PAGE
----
As can be seen in the input card I have provided this is as far as I have managed to come however the output from running this is vastly different to that seen in the paper mentioned above.

In this simulation I wish to simulate the radiation damage induced by an Electron Beam of some MeV energies onto a Al2O3 sample with the defined geometry. If anyone is able to help me better understand the disparity between my results and those in the paper I would be extremely grateful.

Would you care to elaborate what you mean when saying that there results are vastly different?
The figure you’re referring to shows the DPA for a Ge ion beam, while you’re Fluka input simulates an electron beam. This is already quite a good reason to explain a lot of differences.

I understand the differences that would occur, however the magnitude of the differences is what I don’t understand. When I plot the results from my simulations they look like this (see attached). Thank you for your reply.

I’m sure, in view of the expected order of magnitude for one single incident particle, which is what you get (the remaining discrepancy is due to the different beam type, as @amario pointed out).
Nowhere in your input you shall normalize to your beam intensity/current. As for any FLUKA result (apart from activation results that are already normalized to the input irradiation profile), this kind of normalization has to be done at post-processing level, for instance in the Flair Plot frame generating your plot, where there is a dedicated Norm field.

Thank you very much. I am beginning to understand. One thing I now do not understand is when you say that figure 6 has been normalized to 10^20 events, I see where to do this in the Norm field in the plotting section. How is this norm different from the start card where you specify the number of primaries (events). I thought that this number was the total number of particles one wished to simulate?

Fluka results are normalized per primary particles, have a look at the notes in the USRBIN card manual..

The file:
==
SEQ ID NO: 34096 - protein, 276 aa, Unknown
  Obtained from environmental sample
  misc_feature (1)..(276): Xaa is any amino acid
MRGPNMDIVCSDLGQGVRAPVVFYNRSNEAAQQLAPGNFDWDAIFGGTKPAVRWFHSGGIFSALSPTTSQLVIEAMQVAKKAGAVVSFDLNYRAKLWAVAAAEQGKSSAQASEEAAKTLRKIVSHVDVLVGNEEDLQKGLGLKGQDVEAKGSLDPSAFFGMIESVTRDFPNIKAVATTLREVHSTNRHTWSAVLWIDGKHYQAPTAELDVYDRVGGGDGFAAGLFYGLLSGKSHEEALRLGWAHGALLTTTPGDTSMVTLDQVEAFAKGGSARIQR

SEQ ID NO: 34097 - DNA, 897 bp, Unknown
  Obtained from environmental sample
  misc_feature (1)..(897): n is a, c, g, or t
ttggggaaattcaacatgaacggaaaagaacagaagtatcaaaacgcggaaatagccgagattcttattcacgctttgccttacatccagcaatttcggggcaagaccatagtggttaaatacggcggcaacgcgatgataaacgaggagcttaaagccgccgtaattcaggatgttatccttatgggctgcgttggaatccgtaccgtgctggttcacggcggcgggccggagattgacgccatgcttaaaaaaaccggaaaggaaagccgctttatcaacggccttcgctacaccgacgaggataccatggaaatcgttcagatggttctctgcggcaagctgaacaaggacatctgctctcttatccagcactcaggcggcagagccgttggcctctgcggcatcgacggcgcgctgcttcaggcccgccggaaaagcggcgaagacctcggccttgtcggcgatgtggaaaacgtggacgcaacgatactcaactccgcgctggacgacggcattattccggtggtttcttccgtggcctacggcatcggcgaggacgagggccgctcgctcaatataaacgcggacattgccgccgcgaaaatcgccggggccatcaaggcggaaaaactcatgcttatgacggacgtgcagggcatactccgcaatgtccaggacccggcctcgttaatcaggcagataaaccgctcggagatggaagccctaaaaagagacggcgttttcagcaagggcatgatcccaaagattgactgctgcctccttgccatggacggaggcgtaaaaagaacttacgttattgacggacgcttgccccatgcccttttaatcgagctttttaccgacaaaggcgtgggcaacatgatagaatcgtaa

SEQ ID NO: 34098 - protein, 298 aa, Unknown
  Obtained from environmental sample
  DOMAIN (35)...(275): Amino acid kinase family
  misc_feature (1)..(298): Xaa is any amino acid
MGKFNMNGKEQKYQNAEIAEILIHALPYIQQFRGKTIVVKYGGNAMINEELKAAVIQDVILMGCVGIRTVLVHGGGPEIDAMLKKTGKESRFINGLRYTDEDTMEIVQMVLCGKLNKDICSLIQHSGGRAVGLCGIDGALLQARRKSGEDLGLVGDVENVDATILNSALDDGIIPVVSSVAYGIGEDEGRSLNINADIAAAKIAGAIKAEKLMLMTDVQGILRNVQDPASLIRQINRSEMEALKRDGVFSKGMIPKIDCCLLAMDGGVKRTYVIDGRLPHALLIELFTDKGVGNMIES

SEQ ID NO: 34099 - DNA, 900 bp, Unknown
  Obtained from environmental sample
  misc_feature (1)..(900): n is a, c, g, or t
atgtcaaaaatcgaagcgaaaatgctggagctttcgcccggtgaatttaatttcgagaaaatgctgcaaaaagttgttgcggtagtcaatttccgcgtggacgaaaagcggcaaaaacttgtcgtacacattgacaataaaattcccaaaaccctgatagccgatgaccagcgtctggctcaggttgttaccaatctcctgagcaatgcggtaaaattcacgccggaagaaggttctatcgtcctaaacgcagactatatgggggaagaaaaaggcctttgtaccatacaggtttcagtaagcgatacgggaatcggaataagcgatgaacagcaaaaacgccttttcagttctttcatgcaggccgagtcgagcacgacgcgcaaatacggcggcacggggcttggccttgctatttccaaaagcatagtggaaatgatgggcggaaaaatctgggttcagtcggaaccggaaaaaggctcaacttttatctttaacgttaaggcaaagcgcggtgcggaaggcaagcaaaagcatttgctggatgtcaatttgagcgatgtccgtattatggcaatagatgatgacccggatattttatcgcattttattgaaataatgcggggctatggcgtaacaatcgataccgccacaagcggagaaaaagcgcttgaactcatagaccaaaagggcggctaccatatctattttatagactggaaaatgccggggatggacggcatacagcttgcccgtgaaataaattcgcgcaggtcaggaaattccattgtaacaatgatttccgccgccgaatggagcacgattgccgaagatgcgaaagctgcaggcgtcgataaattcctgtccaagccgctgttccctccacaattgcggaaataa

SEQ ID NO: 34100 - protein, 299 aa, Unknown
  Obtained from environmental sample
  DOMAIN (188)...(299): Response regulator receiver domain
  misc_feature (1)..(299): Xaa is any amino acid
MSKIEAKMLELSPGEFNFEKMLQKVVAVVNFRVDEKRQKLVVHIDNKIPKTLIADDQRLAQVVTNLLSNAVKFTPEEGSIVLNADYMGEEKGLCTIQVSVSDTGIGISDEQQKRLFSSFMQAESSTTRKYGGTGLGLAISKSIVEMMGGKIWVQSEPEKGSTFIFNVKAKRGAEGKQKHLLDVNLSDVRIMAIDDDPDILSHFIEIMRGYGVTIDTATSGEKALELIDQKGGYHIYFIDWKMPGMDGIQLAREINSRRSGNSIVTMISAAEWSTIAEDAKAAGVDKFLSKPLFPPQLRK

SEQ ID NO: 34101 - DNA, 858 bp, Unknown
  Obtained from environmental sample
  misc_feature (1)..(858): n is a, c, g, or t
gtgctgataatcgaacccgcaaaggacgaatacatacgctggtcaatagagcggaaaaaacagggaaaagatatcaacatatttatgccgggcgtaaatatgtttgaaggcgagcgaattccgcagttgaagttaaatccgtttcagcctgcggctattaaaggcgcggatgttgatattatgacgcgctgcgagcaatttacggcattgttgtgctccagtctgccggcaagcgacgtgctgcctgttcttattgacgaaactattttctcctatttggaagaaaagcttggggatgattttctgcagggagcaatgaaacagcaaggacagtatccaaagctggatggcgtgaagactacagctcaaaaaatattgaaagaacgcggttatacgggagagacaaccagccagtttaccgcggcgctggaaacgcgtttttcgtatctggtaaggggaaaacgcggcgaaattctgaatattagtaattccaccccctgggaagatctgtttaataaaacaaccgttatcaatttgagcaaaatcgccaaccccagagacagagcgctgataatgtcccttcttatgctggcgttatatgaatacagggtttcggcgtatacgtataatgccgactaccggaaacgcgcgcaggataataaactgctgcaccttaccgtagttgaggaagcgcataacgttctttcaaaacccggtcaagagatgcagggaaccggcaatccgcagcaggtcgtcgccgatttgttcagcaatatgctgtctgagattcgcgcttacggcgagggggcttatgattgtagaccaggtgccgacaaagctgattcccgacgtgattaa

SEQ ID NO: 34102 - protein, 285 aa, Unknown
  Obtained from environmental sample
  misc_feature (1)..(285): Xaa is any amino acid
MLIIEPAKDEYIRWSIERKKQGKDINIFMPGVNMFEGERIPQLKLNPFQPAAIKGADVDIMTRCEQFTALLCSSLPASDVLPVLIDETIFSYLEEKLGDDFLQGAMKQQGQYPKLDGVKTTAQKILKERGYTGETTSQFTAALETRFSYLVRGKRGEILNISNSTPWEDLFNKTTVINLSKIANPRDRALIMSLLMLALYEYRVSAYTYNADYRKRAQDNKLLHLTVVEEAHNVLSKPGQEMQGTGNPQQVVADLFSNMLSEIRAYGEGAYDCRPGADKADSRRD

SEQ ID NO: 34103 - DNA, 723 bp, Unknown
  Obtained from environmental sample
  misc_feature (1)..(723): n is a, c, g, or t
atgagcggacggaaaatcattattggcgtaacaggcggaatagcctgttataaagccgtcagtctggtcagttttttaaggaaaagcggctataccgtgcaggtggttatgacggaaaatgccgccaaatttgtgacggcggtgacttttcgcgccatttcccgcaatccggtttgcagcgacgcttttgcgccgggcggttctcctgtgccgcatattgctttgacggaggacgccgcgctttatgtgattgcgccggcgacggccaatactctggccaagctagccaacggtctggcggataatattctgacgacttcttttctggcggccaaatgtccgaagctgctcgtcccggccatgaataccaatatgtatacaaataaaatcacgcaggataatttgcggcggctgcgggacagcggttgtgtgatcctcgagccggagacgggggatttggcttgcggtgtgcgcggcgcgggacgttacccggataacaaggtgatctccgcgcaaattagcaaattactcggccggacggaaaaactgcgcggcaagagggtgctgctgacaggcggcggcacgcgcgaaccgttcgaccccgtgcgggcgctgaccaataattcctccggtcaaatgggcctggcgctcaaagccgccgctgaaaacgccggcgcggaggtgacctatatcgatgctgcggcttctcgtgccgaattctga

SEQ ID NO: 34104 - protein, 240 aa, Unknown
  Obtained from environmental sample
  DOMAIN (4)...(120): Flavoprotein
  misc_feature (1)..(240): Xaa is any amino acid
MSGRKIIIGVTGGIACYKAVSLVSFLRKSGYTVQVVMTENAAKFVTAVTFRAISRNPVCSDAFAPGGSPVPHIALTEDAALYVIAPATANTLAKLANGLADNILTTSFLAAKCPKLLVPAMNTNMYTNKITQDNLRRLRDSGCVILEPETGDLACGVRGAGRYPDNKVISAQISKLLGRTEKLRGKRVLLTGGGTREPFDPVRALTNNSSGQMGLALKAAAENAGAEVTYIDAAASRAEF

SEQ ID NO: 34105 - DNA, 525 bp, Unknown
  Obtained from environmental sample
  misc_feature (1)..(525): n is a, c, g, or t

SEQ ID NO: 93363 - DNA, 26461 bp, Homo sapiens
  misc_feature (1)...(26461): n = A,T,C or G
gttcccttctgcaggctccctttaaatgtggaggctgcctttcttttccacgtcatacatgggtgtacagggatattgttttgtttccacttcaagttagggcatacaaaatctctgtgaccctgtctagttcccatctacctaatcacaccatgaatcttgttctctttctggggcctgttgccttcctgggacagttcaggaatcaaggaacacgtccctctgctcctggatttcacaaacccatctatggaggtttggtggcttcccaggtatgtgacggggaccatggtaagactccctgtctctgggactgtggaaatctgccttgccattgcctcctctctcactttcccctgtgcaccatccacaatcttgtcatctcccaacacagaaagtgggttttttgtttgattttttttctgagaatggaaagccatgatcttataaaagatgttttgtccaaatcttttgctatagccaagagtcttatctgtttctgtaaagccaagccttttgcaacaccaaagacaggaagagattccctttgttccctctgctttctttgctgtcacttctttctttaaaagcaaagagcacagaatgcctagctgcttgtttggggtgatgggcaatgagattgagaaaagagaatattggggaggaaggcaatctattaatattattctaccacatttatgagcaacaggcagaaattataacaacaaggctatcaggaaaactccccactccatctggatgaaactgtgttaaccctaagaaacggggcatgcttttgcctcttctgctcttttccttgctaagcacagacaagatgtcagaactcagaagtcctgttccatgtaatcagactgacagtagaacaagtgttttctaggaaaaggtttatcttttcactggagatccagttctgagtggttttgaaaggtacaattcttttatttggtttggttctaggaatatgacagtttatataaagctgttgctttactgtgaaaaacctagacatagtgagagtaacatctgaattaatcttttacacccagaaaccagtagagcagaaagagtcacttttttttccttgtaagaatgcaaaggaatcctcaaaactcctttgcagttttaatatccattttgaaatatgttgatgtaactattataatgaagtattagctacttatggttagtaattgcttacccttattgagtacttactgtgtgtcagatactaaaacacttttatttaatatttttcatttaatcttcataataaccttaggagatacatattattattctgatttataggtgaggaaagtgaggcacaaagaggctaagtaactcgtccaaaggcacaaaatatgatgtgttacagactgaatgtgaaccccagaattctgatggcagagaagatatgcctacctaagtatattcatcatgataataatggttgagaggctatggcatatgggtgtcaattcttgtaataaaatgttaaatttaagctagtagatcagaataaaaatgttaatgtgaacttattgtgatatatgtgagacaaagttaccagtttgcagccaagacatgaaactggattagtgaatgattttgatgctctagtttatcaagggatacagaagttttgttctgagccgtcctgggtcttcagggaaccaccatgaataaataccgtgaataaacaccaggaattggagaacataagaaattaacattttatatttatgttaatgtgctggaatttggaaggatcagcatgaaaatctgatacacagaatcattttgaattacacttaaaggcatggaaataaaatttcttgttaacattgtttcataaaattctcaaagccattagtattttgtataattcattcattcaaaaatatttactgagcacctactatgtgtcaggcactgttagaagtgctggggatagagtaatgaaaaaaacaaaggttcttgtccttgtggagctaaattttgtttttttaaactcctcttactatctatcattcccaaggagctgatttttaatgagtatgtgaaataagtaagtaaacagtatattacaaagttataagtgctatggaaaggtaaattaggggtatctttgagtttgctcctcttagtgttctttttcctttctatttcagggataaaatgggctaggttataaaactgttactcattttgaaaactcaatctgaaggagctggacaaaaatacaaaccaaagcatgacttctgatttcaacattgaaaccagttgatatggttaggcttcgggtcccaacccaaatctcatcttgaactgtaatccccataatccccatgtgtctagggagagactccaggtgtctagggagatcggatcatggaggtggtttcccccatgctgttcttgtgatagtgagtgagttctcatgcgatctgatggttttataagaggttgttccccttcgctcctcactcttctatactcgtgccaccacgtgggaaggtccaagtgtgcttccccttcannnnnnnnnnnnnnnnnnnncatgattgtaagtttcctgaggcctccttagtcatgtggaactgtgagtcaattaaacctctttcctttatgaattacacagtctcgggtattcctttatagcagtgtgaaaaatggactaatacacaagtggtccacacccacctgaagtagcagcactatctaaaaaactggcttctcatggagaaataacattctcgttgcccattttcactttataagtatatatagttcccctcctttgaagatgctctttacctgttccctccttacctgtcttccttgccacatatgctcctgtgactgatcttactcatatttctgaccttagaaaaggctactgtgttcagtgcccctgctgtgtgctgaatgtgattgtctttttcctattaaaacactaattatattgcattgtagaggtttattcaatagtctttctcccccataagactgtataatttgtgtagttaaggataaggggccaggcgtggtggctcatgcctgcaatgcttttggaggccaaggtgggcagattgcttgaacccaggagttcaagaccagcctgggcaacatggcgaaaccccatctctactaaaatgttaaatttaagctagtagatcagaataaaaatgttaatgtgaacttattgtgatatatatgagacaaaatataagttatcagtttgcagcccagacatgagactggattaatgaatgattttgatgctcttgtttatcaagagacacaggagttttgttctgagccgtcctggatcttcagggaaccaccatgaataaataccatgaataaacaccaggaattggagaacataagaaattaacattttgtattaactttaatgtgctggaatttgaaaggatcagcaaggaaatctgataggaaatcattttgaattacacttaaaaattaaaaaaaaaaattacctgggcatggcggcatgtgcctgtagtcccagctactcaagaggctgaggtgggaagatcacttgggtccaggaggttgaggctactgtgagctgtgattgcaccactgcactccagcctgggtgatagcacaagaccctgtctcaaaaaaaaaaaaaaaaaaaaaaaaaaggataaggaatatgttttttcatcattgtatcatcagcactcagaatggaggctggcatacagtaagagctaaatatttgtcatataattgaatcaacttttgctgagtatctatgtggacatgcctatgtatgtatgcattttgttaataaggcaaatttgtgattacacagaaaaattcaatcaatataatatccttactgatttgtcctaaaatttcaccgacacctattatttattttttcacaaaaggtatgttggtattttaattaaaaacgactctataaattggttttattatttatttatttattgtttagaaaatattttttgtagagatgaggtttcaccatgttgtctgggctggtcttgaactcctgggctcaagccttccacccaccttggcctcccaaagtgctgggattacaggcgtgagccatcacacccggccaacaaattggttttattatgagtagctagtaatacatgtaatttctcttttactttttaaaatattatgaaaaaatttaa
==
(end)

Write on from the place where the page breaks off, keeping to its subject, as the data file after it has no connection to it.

Then you would have to multiply this results to the number of particles in your impulse to compare to the plot in the paper.

I’m not sure I understand still. If I wish to simulate, for argument’s sake 10^20 total electrons interacting with my sample. If I set the primaries to for example 10^5 would I have to normalize post-processing to 10^15?

I apologize if I’ll appear pedant, but I think there are two concepts that need to be clarified.

1-No matter how many primary one simulates, Fluka results will always be given per single primary (this is not exactly true when using biasing or considering induced activation, but let’s not be too much pedant).
No matter whether you simulate 100 primaries or 100 billions primaries, Fluka will tell you how much energy is deposited in your target by one single primary. The only difference that follows from using a given number of primaries is the statistical uncertainty that comes with your estimate.

2-Fluka results then need to be normalized to a quantity that make sense for the specific study case.
If you want to know how much energy is deposited by a single bunch accelerated in your machine, then you have to multiply the Fluka result per primary for the number of primaries that are in your bunch which could be whatever 10^9, 10^10, or even, provided that you perform a proper conversion 1nA.

Getting to your specific case, if you want to know how much energy (or DPA, or dose, or whatever quantity) is deposited by one bunch that contains 10^20 particles, then you will have to multiply the Fluka results (given per single primary) time 10^20, regardless of the number of primaries you have simulated.

I hope it is more clear now and I apologize if I sounded patronizing.